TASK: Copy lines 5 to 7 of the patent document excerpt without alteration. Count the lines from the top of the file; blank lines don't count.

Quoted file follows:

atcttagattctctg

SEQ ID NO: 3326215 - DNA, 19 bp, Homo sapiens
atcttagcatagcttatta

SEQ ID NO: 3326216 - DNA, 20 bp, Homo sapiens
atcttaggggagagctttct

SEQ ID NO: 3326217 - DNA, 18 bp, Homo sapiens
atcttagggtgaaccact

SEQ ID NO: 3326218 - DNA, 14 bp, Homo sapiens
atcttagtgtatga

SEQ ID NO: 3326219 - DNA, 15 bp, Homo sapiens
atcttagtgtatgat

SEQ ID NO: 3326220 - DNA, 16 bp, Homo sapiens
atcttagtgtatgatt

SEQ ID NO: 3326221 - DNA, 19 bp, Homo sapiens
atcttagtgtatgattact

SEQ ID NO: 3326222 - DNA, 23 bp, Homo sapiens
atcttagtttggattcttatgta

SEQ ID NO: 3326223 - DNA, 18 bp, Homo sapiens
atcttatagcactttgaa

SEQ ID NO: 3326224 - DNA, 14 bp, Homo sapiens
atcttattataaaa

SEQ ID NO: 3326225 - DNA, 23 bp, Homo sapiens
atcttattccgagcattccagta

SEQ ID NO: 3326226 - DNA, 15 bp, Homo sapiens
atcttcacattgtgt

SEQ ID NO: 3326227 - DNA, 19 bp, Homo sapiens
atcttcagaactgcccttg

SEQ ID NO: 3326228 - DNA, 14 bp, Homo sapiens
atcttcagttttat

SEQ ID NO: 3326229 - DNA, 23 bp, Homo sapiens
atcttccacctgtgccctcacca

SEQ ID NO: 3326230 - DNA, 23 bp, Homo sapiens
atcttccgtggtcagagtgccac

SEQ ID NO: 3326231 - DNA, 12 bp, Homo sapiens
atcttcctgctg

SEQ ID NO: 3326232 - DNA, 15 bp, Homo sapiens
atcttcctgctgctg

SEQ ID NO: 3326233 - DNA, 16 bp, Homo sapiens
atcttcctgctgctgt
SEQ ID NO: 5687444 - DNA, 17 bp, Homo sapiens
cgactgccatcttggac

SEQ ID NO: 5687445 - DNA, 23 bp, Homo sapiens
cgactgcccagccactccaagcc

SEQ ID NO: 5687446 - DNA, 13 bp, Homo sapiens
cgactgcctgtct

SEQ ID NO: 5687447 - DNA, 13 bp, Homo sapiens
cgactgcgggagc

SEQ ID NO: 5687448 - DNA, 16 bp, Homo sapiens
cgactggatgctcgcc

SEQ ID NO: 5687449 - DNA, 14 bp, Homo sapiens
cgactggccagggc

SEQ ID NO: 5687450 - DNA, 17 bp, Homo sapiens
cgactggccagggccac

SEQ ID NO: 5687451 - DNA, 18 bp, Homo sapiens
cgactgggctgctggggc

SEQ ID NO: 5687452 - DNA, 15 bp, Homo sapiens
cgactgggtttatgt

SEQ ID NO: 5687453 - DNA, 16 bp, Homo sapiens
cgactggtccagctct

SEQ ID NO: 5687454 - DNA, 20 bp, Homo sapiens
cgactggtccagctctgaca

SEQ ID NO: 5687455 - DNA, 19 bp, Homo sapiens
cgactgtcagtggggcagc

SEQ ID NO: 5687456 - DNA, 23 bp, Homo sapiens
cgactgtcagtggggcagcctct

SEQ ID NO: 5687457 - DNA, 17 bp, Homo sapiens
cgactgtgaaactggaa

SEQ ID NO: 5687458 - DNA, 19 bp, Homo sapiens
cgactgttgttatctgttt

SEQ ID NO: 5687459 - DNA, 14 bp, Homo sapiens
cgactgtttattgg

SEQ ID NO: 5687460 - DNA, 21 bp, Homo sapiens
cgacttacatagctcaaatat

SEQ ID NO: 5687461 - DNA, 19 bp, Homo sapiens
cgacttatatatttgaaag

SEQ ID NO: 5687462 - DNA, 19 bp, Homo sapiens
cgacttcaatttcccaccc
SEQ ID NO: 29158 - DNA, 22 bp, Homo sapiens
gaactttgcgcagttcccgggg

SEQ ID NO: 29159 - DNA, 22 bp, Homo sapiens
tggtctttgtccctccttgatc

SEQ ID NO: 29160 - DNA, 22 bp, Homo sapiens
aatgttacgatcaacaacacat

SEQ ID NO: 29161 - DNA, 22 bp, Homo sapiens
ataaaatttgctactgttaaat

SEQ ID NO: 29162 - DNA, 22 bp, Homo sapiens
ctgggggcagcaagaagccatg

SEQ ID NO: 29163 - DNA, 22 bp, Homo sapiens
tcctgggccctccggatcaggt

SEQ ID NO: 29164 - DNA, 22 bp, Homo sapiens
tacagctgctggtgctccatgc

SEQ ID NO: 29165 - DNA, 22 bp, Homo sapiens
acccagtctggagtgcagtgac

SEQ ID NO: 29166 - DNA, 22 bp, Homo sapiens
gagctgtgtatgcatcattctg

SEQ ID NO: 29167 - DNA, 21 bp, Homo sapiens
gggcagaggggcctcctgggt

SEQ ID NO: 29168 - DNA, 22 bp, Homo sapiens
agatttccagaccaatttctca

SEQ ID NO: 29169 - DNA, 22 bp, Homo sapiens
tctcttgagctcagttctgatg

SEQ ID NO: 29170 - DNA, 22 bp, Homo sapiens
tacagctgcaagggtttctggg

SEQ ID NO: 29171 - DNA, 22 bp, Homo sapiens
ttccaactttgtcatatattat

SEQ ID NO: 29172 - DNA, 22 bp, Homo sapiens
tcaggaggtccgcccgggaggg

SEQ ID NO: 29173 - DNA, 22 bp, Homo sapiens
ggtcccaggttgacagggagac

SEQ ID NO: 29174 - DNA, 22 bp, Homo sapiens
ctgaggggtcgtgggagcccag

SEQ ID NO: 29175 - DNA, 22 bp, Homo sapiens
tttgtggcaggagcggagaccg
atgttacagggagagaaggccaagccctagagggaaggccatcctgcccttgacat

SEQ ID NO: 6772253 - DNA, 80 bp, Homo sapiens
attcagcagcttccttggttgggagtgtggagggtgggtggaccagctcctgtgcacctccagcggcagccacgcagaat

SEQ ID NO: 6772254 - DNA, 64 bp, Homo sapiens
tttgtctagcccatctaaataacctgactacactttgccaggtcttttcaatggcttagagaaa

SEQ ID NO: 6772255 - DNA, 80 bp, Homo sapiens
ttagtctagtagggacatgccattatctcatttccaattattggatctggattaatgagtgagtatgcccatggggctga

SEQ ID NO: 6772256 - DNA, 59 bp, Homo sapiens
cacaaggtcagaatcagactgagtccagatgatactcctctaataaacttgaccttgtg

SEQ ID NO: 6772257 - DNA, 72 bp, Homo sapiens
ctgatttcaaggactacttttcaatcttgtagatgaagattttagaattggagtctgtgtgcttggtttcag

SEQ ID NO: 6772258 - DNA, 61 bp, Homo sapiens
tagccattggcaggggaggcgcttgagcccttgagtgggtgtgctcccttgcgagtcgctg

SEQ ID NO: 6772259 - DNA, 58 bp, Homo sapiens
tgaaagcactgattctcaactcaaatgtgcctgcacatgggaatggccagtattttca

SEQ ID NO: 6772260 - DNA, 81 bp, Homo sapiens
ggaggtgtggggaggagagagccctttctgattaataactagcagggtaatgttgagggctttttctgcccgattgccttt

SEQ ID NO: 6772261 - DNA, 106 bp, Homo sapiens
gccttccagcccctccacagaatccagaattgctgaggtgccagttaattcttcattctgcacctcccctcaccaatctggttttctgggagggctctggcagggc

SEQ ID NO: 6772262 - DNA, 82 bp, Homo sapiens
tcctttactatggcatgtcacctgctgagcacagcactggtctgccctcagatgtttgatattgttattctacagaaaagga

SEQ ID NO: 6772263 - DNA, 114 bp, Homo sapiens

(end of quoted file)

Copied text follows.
atcttaggggagagctttct

SEQ ID NO: 3326217 - DNA, 18 bp, Homo sapiens
atcttagggtgaaccact